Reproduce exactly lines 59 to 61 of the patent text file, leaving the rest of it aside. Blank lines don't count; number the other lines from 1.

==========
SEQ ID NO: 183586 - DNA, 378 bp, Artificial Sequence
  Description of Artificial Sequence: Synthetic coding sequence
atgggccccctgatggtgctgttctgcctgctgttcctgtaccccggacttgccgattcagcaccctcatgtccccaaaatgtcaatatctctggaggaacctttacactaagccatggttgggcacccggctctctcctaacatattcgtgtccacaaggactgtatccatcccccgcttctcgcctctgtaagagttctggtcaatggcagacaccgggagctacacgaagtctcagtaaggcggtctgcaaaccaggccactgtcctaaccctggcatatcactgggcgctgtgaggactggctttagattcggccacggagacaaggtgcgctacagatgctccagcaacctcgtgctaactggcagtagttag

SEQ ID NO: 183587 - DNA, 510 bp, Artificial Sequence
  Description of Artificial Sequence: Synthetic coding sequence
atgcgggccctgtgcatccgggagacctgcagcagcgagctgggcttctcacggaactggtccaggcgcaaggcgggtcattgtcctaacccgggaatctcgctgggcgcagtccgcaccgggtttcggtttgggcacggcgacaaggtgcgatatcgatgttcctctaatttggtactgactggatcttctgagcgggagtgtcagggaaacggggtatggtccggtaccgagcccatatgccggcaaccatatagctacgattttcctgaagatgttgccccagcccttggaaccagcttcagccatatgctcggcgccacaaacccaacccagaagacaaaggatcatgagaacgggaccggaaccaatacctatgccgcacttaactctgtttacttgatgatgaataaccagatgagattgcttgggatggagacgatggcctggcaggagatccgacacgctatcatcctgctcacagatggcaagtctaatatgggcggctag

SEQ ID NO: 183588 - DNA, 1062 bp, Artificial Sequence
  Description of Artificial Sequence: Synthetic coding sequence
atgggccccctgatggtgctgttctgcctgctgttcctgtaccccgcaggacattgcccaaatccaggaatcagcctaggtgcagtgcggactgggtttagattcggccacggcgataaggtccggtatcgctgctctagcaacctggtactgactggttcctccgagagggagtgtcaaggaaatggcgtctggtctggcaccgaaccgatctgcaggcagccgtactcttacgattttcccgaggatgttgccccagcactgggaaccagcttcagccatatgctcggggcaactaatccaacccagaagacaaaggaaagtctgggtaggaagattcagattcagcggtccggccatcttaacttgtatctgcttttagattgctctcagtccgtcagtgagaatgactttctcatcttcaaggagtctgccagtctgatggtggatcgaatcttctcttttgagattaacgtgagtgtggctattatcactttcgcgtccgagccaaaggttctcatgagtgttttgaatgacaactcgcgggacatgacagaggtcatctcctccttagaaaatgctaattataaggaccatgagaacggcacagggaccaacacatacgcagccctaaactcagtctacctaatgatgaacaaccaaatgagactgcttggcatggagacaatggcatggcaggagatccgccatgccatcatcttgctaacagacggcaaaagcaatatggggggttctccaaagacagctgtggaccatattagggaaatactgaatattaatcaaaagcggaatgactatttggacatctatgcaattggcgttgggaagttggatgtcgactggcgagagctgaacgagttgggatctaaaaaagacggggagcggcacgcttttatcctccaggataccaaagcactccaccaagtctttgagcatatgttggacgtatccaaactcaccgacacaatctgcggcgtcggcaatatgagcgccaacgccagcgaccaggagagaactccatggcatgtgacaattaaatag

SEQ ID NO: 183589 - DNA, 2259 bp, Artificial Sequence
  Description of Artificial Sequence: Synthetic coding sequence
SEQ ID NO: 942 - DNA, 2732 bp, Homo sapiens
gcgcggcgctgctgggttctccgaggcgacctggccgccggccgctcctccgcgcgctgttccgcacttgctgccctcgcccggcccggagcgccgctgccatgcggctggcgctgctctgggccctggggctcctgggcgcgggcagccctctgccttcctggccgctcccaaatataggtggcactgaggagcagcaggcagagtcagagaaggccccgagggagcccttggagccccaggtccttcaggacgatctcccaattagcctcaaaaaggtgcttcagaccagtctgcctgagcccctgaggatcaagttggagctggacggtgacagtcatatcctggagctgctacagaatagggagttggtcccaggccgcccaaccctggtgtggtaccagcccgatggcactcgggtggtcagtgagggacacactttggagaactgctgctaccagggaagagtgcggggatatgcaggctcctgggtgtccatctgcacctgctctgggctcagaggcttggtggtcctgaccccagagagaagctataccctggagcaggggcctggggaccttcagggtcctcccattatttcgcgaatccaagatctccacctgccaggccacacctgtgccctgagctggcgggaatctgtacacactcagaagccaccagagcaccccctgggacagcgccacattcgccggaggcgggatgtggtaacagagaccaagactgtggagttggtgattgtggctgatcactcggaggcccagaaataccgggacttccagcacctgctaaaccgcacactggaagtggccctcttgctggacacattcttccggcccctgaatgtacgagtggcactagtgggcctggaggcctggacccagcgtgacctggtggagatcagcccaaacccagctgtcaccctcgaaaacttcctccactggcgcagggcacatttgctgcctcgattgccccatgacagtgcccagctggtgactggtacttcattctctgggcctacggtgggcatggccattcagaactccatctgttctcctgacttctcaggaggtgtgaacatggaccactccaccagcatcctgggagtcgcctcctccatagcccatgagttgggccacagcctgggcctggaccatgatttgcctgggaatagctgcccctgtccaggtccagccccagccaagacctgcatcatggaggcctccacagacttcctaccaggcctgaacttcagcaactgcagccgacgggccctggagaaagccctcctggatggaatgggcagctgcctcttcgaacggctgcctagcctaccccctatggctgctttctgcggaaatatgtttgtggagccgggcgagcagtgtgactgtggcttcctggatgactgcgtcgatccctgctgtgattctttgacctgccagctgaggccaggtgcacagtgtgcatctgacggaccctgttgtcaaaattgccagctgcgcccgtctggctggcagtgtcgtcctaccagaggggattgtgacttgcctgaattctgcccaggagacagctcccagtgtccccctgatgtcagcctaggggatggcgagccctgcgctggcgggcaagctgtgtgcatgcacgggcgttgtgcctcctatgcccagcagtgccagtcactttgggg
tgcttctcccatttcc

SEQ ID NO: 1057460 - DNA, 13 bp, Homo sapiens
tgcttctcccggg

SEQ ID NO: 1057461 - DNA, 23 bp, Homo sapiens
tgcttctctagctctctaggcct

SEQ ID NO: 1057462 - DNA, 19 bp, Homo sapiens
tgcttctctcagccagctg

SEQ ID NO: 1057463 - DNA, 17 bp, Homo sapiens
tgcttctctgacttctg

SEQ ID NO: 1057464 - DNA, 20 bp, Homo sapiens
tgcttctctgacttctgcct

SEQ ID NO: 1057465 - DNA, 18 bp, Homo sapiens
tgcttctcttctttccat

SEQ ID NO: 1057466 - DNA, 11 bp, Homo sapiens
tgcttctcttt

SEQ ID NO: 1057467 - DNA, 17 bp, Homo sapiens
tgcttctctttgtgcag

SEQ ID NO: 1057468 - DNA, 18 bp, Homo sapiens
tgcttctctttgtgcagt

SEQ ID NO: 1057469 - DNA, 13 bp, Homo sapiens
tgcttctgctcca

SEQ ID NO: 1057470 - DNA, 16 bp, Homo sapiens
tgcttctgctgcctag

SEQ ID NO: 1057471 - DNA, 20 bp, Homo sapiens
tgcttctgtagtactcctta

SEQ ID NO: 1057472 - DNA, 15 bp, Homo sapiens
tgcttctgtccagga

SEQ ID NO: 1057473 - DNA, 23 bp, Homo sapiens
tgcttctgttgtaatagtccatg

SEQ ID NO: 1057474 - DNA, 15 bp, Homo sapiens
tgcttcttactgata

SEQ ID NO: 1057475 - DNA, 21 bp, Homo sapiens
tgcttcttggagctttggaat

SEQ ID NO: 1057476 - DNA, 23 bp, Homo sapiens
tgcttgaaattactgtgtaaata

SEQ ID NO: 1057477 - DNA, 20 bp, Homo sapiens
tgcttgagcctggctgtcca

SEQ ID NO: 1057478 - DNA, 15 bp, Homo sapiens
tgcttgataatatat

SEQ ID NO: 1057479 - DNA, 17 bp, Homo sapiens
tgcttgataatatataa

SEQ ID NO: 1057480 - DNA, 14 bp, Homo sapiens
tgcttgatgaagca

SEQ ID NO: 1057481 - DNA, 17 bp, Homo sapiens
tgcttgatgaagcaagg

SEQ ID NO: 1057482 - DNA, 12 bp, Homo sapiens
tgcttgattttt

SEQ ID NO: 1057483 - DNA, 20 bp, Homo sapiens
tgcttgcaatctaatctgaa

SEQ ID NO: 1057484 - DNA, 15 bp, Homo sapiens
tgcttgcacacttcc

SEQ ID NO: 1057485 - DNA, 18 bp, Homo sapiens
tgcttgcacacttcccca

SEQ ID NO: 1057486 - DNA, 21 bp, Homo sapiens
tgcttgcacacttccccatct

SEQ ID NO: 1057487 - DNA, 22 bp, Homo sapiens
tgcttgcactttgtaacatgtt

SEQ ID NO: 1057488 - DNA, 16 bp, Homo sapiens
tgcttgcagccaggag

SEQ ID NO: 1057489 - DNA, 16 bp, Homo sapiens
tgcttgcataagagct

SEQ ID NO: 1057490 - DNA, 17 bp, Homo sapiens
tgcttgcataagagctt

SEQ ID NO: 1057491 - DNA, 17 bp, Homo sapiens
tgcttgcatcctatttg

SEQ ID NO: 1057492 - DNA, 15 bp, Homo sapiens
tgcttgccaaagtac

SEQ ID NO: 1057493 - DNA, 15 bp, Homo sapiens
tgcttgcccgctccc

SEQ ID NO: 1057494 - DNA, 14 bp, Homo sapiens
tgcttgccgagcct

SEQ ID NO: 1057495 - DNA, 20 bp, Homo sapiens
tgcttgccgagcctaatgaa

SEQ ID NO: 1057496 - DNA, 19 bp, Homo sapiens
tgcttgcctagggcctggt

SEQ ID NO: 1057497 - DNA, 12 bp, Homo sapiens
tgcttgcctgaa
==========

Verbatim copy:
SEQ ID NO: 1057482 - DNA, 12 bp, Homo sapiens
tgcttgattttt

SEQ ID NO: 1057483 - DNA, 20 bp, Homo sapiens